“I don’t believe Martin murdered Michele. We have to respect the jury but I don’t,” Willis said. “I would say to [Michele MacNeill’s family], I am so sorry for any part I played in anyone’s pain.”
On April 9, 2017, after serving two and a half years, Martin MacNeill was found dead at the Utah State Prison. Officials later confirmed that he took his own life.
Now, the family’s mission is to do its best to erase the husband and father’s dark legacy and keep their mother’s memory alive.
Somers became a doctor and got married. She successfully adopted her little sisters Ada, Sabrina and Elle, and has three kids of her own as well.
She changed her last name, MacNeill, to her mother’s maiden name, Somers, and now practices family medicine.
“I wanted to graduate having my mom’s maiden name. I don’t want to be Dr. MacNeill,” she said. “I don’t want to have any part of my dad.”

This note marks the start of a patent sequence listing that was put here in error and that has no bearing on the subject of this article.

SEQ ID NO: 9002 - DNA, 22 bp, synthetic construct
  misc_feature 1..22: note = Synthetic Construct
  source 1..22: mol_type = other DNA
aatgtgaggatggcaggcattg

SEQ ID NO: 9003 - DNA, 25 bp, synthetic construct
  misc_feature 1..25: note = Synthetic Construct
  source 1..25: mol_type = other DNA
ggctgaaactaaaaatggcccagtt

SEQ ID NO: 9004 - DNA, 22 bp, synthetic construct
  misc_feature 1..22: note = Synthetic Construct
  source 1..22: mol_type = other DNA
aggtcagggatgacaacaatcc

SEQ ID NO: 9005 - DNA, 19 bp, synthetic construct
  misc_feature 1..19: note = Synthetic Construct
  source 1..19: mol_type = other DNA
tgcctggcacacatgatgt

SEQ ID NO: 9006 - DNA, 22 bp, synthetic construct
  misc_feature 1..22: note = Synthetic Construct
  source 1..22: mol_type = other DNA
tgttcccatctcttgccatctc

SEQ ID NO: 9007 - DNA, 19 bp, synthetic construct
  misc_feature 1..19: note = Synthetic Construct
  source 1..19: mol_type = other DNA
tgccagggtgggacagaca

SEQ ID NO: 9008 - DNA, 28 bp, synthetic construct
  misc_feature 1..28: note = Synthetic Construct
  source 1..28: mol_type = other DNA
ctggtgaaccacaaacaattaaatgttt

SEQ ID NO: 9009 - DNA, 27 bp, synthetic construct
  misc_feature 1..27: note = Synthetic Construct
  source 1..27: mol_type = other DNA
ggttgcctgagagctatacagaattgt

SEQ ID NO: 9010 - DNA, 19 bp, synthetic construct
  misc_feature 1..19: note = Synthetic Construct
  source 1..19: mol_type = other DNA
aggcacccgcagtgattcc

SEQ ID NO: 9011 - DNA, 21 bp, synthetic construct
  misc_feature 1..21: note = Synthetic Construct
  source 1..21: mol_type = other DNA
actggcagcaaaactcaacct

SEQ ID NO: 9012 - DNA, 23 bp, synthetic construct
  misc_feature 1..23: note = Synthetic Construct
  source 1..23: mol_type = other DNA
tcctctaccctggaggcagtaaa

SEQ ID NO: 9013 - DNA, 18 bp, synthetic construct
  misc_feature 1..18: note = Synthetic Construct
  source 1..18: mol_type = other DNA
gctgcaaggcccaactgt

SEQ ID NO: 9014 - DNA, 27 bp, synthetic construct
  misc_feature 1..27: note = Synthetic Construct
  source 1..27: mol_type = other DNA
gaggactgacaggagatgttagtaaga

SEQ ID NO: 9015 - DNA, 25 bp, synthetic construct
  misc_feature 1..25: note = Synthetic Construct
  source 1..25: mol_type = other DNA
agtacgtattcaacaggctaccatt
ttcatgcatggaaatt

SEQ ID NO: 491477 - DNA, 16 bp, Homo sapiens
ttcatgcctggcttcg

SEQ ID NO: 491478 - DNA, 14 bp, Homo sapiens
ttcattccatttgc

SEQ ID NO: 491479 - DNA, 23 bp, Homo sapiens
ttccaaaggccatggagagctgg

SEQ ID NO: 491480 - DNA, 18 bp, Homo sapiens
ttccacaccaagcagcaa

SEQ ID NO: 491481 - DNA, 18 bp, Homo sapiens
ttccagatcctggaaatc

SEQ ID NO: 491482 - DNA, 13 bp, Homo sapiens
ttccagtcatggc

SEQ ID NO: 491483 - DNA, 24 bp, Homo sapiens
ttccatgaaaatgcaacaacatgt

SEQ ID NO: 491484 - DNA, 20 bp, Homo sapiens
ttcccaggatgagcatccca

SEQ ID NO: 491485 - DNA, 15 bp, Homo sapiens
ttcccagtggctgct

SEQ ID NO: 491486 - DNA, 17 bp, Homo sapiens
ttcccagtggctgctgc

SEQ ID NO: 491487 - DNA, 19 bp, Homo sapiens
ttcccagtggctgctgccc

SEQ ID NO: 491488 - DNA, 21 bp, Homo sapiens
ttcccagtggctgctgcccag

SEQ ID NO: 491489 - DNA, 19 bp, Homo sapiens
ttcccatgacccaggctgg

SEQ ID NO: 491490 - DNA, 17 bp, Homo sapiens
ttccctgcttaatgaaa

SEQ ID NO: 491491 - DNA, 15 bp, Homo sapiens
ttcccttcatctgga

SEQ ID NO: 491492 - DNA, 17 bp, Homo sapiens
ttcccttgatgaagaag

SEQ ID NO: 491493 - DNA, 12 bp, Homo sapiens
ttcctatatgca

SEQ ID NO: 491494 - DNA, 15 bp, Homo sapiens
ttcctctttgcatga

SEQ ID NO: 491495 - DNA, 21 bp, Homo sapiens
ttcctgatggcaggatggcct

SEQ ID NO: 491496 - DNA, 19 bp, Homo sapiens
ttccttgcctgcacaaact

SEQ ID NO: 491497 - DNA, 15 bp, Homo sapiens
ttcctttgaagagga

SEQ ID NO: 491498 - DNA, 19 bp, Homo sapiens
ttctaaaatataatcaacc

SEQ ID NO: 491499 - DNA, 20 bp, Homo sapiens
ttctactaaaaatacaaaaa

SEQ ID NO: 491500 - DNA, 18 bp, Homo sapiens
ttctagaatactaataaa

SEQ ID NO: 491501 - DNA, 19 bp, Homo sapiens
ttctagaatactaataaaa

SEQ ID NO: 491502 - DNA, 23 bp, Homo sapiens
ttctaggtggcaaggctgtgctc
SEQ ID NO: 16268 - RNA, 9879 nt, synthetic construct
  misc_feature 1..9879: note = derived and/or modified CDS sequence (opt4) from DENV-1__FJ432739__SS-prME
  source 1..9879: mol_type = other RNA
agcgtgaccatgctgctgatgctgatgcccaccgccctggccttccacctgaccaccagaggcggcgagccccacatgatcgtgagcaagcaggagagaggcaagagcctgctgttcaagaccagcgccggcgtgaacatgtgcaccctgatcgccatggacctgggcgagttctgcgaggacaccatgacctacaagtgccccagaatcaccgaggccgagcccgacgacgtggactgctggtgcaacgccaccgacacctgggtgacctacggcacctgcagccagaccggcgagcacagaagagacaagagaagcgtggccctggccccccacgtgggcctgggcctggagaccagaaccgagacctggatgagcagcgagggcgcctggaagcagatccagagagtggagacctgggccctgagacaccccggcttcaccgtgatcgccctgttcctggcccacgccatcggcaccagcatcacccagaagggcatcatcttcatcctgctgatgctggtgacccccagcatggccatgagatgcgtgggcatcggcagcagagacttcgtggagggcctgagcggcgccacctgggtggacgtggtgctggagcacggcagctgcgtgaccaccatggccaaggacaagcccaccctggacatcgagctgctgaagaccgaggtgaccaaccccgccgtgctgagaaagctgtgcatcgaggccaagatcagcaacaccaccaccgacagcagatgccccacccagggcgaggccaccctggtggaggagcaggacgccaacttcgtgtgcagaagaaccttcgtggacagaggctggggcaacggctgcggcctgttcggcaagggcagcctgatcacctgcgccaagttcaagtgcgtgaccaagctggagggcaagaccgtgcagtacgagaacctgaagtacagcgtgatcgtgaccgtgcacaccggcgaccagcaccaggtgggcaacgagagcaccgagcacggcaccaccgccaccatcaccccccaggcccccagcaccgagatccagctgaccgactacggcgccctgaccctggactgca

Somers’ sisters are doing well too. Ada graduated from high school this month. Rachel is in school now to become a social worker, and visits her sister Alexis nearby nearly every weekend. She loves being an aunt.
Both Sabrina and Elle had their first children this year.
“They’re just beautiful, wonderful, wonderful girls,” Somers said of her sisters. “That’s something that I was, personally, so blessed with…I don’t know what I would’ve done without having my sisters to fight for.”
Her husband’s name has been removed from Michele MacNeill’s gravestone — a volunteer agreed to sand off the words “wife of Martin” from her plaque forever.
Every year on their mother’s birthday, the sisters get together to celebrate over chocolate cake, Michele’s favorite.